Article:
Snipe Call

Bitterns are funny-looking birds that live in wetland areas. They use their long, pointed beaks to catch insects and small fish.

Waxwings are beautiful birds whose feathers are so soft and downy, they almost look like fur. They're so named for the colored tips of their wing feathers, which resemble sealing wax. They have a unique courtship ritual, in which the male and female pass a bit of fruit back and forth until the female decides to accept the male.

These are male pheasants. The females are brown and plain; only the males have bright plumage. They live in open grasslands and are frequently hunted for sport.

The red grouse is another game bird found primarily in Great Britain. They're a bit dumpy, but I think they look quite arresting with their rusty feathers and large feet.

My favorite is the great bustard. They remind me of a young English courtier in years gone by...strutting, with plumage fanned and a bit of a ruff at the neck. These are large birds, with a wing span of up to 8 feet. The largest recorded great bustard was almost 50 pounds! They have a loud, guttural call:

Great Bustard sound

When not admiring my mugs, I've been working on my sock yarn blanket. It's grown significantly. I've almost completed my fifth row!

Every diamond is different. I haven't yet begun to repeat colors although I will soon. Some people have blankets consisting of over 1,000 squares! When you consider that each square takes about 30 minutes and costs around $1 (if you're buying pre-measured "sock yarn mini skeins" and not using leftover sock yarn), it's a considerable undertaking. I'm making mine on the cheap. Each square only takes about 2.5 grams of sock yarn, and I've got enough bits and pieces to go much farther without having to purchase more yarn bits. Most of my yarn has been acquired through swaps, or gifted to me from another knitter.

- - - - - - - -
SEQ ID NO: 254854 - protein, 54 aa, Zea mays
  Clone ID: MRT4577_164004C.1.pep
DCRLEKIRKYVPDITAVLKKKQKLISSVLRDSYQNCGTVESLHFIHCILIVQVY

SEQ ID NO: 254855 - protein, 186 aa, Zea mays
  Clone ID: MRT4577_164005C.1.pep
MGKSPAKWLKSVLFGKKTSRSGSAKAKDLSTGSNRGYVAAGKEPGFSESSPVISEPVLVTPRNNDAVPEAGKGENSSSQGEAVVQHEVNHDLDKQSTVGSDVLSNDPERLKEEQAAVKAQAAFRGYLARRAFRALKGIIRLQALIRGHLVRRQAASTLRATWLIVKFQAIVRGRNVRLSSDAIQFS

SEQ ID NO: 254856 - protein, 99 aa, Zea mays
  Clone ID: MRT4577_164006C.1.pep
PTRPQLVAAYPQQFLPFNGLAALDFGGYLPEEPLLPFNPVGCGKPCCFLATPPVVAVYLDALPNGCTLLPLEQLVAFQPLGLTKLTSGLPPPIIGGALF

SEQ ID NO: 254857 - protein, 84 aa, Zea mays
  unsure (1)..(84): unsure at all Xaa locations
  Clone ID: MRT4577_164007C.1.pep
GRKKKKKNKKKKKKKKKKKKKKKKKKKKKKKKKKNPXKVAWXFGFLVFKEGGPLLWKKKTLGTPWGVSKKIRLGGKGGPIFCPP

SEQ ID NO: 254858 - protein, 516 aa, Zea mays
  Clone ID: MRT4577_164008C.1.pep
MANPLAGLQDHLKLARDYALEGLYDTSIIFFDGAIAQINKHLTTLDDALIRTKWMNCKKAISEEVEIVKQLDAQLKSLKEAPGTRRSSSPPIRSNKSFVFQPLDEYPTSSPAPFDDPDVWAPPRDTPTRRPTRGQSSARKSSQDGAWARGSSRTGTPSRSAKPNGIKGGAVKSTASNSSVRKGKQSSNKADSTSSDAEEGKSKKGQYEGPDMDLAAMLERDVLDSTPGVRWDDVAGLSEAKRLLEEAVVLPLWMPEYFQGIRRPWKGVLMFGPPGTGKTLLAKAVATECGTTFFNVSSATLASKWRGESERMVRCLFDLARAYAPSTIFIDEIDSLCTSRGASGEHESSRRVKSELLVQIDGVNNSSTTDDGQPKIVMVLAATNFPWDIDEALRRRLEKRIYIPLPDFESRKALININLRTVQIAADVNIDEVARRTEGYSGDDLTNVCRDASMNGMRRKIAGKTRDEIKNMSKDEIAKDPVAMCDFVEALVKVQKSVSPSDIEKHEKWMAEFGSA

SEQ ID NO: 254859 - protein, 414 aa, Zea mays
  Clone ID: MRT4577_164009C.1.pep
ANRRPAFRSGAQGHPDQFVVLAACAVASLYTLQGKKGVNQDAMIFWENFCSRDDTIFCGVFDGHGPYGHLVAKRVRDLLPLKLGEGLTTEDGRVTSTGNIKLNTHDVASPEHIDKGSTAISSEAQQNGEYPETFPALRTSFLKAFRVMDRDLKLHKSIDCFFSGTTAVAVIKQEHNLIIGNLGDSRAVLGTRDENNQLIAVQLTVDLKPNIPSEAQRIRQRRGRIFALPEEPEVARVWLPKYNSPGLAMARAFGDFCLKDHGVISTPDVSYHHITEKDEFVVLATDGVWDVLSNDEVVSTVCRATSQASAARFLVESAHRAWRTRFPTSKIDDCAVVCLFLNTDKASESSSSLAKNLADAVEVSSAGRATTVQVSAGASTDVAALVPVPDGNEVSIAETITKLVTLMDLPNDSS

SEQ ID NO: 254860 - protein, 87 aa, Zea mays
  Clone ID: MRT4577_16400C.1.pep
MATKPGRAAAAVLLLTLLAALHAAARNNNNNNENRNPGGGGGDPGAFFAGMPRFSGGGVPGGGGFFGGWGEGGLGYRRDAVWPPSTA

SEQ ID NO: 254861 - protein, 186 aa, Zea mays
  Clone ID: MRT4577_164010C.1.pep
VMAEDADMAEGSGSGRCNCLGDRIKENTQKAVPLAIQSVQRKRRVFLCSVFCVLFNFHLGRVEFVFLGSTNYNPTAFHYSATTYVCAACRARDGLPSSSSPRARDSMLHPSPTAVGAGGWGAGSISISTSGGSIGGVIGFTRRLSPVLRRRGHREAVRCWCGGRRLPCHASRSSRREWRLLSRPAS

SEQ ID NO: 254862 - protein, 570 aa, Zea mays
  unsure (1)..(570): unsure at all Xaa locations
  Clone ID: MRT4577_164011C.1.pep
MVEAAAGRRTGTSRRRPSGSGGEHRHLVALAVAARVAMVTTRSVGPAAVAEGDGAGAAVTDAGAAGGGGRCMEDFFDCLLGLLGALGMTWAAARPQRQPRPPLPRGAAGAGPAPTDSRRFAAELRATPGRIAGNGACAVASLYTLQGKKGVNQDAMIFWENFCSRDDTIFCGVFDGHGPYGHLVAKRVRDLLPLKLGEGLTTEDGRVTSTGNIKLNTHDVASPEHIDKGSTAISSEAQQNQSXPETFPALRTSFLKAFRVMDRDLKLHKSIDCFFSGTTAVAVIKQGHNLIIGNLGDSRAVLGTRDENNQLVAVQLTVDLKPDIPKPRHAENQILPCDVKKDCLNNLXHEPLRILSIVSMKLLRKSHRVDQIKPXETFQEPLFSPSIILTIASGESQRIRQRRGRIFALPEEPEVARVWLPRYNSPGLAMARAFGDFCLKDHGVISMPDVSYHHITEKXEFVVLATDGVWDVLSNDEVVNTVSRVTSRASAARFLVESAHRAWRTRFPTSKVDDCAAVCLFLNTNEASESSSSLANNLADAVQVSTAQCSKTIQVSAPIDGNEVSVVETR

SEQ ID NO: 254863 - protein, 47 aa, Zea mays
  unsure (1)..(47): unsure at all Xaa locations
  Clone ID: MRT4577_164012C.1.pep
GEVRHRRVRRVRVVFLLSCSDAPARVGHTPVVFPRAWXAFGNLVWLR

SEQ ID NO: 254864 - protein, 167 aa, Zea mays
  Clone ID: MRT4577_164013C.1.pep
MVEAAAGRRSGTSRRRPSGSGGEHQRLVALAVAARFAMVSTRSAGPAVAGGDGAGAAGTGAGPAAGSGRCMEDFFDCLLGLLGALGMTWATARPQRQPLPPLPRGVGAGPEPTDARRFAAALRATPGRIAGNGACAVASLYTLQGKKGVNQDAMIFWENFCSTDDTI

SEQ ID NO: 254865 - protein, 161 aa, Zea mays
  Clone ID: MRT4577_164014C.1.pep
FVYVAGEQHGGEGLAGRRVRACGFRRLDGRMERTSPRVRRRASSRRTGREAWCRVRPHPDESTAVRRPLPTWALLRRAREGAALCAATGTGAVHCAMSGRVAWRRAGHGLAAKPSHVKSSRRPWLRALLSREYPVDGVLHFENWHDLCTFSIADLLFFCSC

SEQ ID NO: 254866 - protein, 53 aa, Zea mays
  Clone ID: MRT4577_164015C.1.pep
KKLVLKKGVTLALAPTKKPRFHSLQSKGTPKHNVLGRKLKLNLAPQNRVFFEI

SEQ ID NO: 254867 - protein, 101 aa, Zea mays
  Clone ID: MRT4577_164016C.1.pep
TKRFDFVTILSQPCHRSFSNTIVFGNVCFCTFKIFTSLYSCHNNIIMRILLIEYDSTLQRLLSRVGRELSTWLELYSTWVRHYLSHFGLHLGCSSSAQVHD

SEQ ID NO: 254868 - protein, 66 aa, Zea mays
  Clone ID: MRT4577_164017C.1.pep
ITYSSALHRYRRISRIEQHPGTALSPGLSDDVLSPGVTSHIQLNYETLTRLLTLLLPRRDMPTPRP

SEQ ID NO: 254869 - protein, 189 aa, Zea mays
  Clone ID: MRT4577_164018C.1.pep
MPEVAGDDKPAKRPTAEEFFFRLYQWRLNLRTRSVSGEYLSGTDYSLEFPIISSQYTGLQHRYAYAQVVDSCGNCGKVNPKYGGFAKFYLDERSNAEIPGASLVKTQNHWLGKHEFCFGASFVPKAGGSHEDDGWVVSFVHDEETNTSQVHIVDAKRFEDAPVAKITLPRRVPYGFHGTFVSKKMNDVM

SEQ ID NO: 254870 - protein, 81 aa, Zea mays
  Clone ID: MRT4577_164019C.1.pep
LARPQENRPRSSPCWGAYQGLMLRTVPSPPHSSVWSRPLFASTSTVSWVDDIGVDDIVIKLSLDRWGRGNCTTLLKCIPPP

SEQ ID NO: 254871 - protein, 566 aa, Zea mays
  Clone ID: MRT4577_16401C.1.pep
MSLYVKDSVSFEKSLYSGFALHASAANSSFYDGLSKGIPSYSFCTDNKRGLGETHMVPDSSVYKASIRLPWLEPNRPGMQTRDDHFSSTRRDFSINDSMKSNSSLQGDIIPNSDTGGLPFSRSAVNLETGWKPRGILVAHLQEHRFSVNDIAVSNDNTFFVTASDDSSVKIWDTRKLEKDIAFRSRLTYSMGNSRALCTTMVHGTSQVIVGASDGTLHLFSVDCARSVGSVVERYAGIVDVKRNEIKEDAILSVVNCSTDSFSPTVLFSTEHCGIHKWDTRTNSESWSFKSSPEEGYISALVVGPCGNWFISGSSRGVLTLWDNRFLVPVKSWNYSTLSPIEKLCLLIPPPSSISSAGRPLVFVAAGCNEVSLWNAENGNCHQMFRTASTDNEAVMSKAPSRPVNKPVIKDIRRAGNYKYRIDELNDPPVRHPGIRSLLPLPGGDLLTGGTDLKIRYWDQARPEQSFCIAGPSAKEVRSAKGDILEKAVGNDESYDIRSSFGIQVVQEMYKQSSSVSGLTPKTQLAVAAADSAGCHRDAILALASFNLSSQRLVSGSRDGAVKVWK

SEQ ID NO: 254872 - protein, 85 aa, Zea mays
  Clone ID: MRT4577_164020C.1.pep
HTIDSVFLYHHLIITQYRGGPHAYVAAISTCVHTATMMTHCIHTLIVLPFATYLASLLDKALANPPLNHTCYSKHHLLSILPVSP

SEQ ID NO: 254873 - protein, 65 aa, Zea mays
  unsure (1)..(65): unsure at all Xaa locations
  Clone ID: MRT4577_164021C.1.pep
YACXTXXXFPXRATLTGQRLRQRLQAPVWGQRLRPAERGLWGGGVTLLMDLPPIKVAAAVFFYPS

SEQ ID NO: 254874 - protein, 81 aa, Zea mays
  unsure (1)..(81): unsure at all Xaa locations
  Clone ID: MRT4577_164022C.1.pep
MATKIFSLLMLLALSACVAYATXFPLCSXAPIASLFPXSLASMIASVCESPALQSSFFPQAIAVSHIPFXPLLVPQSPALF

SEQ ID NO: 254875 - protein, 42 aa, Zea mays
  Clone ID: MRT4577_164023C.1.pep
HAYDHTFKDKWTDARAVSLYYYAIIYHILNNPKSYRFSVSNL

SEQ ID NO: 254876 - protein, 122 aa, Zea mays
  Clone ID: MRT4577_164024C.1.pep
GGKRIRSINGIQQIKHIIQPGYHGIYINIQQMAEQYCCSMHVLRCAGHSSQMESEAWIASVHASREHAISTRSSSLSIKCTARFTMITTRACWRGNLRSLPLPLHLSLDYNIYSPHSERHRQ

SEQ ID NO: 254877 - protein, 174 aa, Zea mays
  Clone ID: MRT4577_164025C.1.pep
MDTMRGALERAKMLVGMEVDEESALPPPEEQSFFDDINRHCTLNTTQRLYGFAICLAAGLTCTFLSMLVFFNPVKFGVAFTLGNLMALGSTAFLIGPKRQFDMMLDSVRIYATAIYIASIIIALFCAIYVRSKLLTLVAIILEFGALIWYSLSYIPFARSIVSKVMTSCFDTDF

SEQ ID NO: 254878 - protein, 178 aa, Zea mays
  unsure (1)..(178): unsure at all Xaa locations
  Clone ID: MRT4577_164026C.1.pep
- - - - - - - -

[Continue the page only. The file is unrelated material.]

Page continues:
It's really easy to make, if anyone is interested. You can make your squares as big or small as you'd like. For this particular pattern:

Cast on 31 stitches.
Turn your work and knit one row.
Turn your work again. You're facing the wrong side. Slip one, knit 13, PSSO (slip 2, knit one, and slip 2 slipped stitches over the knit stitch), knit to the last stitch, knit last stitch through the back loop.
Knit your right-side row, slipping the first stitch and knitting the last stitch through the back loop. When you come to the center stitch, slip it! If you have trouble finding it, just look on the front side - it's the stitch that remains after your PSSO.
Repeat, knitting each side until you come to the center, and then either slip or PSSO (depending on which side you're working on), until you have just 1 stitch left. Draw your yarn through, secure, and weave in ends.

I've really been on a baking kick lately. I'm excited to expand my horizons in the kitchen in 2011. Here's a sweet, spicy offering from Deb at Smitten Kitchen that was quickly devoured and praised by every recipient.

Applesauce Spice Cupcakes
From Smitten Kitchen
Makes 18 cupcakes

2 cups white flour
2 teaspoons baking powder
1/2 teaspoon baking soda
1/2 teaspoon salt
3/4 teaspoon cinnamon
1/2 teaspoon ground ginger
1/8 teaspoon cloves
1 stick (4 ounces) unsalted butter, softened
1 cup packed light brown sugar
1 teaspoon vanilla extract
2 eggs
1 1/2 cups unsweetened applesauce

5 ounces cream cheese, softened
3 tablespoons unsalted butter, softened
1/4 teaspoon vanilla extract
1 cup powdered sugar
1 teaspoon cinnamon

Preheat oven to 350 degrees. Mix flour, baking powder, baking soda, salt, and spices. In a separate bowl, beat together butter, sugar, and vanilla. Add eggs one at a time, beating after each egg, and then beat in applesauce. Stir in flour mixture and mix until just combined. Spoon into greased muffin tins. The batter looks a little funny, but don't worry!

They bake up nicely. Bake for 18 - 20 minutes and cool on wire rack.

For frosting, beat together the butter, cream cheese, and vanilla. Mix in cinnamon and powdered sugar and beat until smooth.

I was originally going to frost mine the "regular" way, but I stumbled across an old Wilton tip and decided to try something new. I topped the cupcake with several small points.

I liked the way it looked. Before I knew it, I'd decorated the whole batch!

They remind me of little hedgehogs. The cake is spicy and dense, more muffin than traditional cupcake, but they're sweet and tasty, and I'll definitely be making them again.